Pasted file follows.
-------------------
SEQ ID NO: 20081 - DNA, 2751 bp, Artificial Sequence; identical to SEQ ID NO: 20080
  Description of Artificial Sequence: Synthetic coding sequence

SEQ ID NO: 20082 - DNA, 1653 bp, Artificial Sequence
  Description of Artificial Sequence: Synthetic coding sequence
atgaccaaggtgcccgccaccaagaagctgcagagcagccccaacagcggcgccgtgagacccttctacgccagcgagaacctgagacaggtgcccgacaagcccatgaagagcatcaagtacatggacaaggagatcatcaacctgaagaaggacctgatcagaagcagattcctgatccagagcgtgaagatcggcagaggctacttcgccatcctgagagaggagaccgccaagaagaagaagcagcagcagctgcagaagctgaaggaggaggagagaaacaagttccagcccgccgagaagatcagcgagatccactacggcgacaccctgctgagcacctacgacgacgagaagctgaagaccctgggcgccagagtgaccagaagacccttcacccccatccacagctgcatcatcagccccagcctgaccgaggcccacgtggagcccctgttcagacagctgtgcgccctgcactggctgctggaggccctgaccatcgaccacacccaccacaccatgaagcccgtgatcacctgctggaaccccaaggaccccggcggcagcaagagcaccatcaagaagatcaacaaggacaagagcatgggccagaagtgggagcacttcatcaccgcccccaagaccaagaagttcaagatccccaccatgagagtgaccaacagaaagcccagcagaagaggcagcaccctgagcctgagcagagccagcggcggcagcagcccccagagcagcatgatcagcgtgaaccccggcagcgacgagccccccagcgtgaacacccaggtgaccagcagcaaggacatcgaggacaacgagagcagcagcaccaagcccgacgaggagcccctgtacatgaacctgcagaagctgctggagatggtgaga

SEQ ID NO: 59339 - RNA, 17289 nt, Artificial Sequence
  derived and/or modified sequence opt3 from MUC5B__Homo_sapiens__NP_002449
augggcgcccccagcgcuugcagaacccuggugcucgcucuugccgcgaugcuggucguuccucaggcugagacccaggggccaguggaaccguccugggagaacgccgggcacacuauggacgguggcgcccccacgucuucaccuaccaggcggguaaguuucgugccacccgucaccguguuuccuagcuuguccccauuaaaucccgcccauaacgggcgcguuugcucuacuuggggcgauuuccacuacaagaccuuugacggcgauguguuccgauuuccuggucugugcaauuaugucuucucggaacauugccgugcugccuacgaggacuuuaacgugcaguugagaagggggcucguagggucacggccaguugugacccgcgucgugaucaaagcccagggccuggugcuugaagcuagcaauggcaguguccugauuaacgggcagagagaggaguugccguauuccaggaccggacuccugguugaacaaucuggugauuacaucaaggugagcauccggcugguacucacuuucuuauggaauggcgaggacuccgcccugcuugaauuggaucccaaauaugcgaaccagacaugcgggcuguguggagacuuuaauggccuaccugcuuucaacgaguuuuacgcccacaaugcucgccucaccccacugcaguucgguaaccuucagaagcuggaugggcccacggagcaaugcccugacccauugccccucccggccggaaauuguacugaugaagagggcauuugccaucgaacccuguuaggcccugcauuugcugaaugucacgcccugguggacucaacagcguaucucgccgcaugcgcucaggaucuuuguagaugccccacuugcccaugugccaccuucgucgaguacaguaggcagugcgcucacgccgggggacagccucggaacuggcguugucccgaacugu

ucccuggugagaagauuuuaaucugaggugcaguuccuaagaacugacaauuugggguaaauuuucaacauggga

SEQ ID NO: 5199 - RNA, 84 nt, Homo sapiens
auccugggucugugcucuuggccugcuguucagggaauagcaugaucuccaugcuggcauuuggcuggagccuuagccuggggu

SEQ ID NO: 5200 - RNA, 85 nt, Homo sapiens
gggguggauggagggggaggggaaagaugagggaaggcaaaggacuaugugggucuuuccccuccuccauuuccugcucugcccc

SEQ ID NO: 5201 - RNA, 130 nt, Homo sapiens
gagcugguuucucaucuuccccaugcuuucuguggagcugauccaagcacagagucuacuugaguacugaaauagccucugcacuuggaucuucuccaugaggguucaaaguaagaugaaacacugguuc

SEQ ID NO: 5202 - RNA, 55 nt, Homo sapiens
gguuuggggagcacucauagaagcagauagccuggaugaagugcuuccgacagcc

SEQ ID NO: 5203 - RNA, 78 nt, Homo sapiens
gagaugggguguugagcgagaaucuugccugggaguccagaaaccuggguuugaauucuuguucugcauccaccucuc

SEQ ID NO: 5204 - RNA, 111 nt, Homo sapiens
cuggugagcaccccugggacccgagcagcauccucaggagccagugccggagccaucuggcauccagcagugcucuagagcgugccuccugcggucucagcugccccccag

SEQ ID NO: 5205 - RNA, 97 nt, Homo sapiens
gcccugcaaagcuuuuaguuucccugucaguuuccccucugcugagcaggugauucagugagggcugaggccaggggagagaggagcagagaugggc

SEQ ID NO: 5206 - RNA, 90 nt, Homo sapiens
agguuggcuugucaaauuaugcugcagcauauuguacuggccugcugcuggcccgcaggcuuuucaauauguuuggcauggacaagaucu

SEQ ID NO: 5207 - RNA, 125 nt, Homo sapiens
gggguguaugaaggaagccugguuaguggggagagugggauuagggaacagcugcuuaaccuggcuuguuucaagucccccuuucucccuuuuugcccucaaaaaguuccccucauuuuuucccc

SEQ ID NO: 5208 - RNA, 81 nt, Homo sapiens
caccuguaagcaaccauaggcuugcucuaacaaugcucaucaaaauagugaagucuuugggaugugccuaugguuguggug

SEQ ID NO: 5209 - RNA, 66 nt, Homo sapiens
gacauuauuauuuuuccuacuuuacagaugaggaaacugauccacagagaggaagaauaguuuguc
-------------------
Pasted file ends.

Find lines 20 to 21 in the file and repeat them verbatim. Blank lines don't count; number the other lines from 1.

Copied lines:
SEQ ID NO: 5204 - RNA, 111 nt, Homo sapiens
cuggugagcaccccugggacccgagcagcauccucaggagccagugccggagccaucuggcauccagcagugcucuagagcgugccuccugcggucucagcugccccccag